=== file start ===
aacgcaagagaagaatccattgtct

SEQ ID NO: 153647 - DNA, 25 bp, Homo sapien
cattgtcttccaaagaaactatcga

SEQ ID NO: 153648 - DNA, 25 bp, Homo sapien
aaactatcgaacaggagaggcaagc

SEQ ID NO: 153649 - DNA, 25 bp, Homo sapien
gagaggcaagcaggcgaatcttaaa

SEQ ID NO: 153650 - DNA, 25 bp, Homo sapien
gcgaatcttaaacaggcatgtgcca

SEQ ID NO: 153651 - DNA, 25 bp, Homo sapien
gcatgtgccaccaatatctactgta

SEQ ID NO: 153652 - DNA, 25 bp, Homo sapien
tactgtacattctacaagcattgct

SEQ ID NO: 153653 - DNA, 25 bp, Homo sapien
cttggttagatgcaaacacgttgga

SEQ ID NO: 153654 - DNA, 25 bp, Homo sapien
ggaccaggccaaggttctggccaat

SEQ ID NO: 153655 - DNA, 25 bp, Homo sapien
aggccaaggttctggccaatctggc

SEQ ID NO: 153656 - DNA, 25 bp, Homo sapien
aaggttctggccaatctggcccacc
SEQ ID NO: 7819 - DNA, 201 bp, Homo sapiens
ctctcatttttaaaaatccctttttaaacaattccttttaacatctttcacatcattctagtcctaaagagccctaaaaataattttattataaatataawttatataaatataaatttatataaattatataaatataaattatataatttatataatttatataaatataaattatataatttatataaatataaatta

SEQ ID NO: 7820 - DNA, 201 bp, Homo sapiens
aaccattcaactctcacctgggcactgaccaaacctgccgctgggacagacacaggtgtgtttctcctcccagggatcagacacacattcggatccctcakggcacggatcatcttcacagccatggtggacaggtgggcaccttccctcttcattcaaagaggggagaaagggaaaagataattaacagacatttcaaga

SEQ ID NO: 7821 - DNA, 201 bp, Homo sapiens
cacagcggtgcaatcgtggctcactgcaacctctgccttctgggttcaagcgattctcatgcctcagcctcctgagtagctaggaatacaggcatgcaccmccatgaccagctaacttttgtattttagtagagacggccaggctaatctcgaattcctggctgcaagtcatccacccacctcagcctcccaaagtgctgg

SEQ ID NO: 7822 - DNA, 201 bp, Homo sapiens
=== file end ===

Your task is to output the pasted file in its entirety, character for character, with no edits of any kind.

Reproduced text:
aacgcaagagaagaatccattgtct

SEQ ID NO: 153647 - DNA, 25 bp, Homo sapien
cattgtcttccaaagaaactatcga

SEQ ID NO: 153648 - DNA, 25 bp, Homo sapien
aaactatcgaacaggagaggcaagc

SEQ ID NO: 153649 - DNA, 25 bp, Homo sapien
gagaggcaagcaggcgaatcttaaa

SEQ ID NO: 153650 - DNA, 25 bp, Homo sapien
gcgaatcttaaacaggcatgtgcca

SEQ ID NO: 153651 - DNA, 25 bp, Homo sapien
gcatgtgccaccaatatctactgta

SEQ ID NO: 153652 - DNA, 25 bp, Homo sapien
tactgtacattctacaagcattgct

SEQ ID NO: 153653 - DNA, 25 bp, Homo sapien
cttggttagatgcaaacacgttgga

SEQ ID NO: 153654 - DNA, 25 bp, Homo sapien
ggaccaggccaaggttctggccaat

SEQ ID NO: 153655 - DNA, 25 bp, Homo sapien
aggccaaggttctggccaatctggc

SEQ ID NO: 153656 - DNA, 25 bp, Homo sapien
aaggttctggccaatctggcccacc
SEQ ID NO: 7819 - DNA, 201 bp, Homo sapiens
ctctcatttttaaaaatccctttttaaacaattccttttaacatctttcacatcattctagtcctaaagagccctaaaaataattttattataaatataawttatataaatataaatttatataaattatataaatataaattatataatttatataatttatataaatataaattatataatttatataaatataaatta

SEQ ID NO: 7820 - DNA, 201 bp, Homo sapiens
aaccattcaactctcacctgggcactgaccaaacctgccgctgggacagacacaggtgtgtttctcctcccagggatcagacacacattcggatccctcakggcacggatcatcttcacagccatggtggacaggtgggcaccttccctcttcattcaaagaggggagaaagggaaaagataattaacagacatttcaaga

SEQ ID NO: 7821 - DNA, 201 bp, Homo sapiens
cacagcggtgcaatcgtggctcactgcaacctctgccttctgggttcaagcgattctcatgcctcagcctcctgagtagctaggaatacaggcatgcaccmccatgaccagctaacttttgtattttagtagagacggccaggctaatctcgaattcctggctgcaagtcatccacccacctcagcctcccaaagtgctgg

SEQ ID NO: 7822 - DNA, 201 bp, Homo sapiens